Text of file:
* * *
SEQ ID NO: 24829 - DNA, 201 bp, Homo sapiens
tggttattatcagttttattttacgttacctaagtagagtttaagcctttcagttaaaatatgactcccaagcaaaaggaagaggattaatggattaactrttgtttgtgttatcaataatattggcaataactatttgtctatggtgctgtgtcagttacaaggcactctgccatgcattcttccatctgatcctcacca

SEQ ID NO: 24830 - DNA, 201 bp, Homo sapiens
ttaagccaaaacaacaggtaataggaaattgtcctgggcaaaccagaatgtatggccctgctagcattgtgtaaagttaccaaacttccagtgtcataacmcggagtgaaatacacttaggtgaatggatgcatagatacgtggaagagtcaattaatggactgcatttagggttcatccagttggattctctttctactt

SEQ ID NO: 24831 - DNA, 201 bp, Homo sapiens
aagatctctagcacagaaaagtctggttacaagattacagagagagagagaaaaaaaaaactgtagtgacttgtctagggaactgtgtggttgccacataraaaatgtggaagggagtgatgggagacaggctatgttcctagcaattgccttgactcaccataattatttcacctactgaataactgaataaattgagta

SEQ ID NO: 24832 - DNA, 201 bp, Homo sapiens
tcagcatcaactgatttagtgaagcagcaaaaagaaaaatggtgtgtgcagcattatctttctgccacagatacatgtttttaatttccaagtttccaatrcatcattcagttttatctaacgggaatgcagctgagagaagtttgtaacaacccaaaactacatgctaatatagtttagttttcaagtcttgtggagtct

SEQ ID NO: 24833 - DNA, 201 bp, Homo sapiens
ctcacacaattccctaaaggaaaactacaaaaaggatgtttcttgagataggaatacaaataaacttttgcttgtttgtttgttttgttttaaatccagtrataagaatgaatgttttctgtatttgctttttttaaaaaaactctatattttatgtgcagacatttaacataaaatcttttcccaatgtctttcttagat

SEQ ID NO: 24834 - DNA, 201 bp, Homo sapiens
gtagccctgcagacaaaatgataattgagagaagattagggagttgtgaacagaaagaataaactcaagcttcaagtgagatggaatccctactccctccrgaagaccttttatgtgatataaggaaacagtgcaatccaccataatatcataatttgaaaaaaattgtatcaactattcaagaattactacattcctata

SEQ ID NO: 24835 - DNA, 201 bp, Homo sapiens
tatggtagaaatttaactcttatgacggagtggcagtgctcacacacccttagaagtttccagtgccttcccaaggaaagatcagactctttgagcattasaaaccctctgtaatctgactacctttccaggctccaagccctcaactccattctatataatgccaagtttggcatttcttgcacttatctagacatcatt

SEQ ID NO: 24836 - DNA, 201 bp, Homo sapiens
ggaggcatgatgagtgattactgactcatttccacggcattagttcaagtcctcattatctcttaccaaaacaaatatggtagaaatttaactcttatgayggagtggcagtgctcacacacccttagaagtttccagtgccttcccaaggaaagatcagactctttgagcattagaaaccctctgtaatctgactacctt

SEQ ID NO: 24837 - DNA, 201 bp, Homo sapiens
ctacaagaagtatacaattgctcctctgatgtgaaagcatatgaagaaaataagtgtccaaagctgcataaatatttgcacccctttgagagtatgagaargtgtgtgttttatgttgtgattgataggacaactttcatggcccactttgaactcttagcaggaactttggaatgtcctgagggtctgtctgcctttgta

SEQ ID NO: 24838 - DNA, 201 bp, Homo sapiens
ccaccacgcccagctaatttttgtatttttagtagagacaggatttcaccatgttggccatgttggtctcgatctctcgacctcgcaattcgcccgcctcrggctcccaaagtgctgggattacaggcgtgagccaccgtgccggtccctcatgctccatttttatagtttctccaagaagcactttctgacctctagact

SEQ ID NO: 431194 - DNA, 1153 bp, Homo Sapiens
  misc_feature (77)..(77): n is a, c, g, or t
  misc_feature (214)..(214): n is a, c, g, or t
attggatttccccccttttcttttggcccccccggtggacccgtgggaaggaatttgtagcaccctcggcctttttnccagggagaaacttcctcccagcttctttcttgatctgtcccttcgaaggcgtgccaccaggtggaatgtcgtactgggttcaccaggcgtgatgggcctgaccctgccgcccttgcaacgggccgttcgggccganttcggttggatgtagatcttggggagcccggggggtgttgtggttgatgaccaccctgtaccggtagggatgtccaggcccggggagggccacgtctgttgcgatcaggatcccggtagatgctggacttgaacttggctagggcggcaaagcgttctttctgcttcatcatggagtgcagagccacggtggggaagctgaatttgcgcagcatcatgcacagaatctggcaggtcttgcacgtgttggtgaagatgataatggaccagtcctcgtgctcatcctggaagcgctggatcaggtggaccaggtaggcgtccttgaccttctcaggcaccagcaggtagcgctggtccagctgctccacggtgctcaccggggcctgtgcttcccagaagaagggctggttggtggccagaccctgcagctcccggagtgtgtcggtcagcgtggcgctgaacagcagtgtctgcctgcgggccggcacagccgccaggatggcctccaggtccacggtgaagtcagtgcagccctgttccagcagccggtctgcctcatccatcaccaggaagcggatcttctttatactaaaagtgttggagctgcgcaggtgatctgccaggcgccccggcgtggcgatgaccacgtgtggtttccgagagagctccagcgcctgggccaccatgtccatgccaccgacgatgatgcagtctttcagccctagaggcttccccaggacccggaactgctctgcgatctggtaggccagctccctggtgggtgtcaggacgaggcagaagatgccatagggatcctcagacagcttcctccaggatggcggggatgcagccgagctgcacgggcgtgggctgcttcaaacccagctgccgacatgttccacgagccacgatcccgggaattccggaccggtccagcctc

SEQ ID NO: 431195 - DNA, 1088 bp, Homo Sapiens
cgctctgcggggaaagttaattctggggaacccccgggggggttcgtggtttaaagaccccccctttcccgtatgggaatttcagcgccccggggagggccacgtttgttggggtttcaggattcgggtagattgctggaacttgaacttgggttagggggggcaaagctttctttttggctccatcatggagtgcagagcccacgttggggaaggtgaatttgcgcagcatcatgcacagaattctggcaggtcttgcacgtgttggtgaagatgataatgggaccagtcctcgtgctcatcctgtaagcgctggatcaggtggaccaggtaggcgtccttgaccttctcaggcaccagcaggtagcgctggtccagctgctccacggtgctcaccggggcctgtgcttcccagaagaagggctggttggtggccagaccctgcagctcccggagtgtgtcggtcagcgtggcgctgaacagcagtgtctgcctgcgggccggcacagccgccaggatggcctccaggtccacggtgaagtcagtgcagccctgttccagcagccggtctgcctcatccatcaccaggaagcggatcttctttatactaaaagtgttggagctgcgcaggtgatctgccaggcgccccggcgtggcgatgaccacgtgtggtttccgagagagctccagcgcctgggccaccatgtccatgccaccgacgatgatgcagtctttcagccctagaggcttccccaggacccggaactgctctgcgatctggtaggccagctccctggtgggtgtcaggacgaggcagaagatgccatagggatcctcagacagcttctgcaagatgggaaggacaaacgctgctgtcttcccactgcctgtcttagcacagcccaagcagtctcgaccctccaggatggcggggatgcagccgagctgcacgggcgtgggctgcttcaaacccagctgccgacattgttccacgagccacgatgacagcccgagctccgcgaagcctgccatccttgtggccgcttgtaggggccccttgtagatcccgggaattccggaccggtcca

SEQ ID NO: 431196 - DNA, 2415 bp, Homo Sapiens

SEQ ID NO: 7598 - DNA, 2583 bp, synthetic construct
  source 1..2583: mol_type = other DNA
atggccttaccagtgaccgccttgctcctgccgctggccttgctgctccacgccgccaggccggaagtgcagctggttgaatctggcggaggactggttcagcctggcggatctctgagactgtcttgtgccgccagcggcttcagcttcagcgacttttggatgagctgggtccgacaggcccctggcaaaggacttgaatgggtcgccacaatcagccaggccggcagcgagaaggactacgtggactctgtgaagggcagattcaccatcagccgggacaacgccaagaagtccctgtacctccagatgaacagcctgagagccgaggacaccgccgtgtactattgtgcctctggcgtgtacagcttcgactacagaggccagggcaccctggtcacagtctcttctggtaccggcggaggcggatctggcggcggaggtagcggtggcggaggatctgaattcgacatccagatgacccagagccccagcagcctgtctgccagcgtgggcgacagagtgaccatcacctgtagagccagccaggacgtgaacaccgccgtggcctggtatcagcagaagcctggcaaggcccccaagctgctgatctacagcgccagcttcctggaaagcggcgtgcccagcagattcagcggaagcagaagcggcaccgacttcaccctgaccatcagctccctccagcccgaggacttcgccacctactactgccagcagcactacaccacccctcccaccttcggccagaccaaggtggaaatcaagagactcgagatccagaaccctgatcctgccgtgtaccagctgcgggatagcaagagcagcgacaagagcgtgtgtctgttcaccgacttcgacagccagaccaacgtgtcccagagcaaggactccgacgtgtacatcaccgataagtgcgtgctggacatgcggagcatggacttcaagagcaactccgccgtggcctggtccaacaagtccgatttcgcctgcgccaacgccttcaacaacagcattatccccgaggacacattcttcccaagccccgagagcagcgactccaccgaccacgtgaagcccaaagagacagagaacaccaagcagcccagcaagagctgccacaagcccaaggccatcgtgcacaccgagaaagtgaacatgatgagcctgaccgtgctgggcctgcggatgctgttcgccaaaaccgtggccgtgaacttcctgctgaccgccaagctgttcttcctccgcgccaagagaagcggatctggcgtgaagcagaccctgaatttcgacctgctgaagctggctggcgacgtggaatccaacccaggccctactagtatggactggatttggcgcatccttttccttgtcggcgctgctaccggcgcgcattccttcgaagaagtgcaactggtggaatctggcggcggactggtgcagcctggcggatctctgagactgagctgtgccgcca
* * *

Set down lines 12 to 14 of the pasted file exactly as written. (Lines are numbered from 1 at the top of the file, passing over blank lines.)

gtagccctgcagacaaaatgataattgagagaagattagggagttgtgaacagaaagaataaactcaagcttcaagtgagatggaatccctactccctccrgaagaccttttatgtgatataaggaaacagtgcaatccaccataatatcataatttgaaaaaaattgtatcaactattcaagaattactacattcctata

SEQ ID NO: 24835 - DNA, 201 bp, Homo sapiens
tatggtagaaatttaactcttatgacggagtggcagtgctcacacacccttagaagtttccagtgccttcccaaggaaagatcagactctttgagcattasaaaccctctgtaatctgactacctttccaggctccaagccctcaactccattctatataatgccaagtttggcatttcttgcacttatctagacatcatt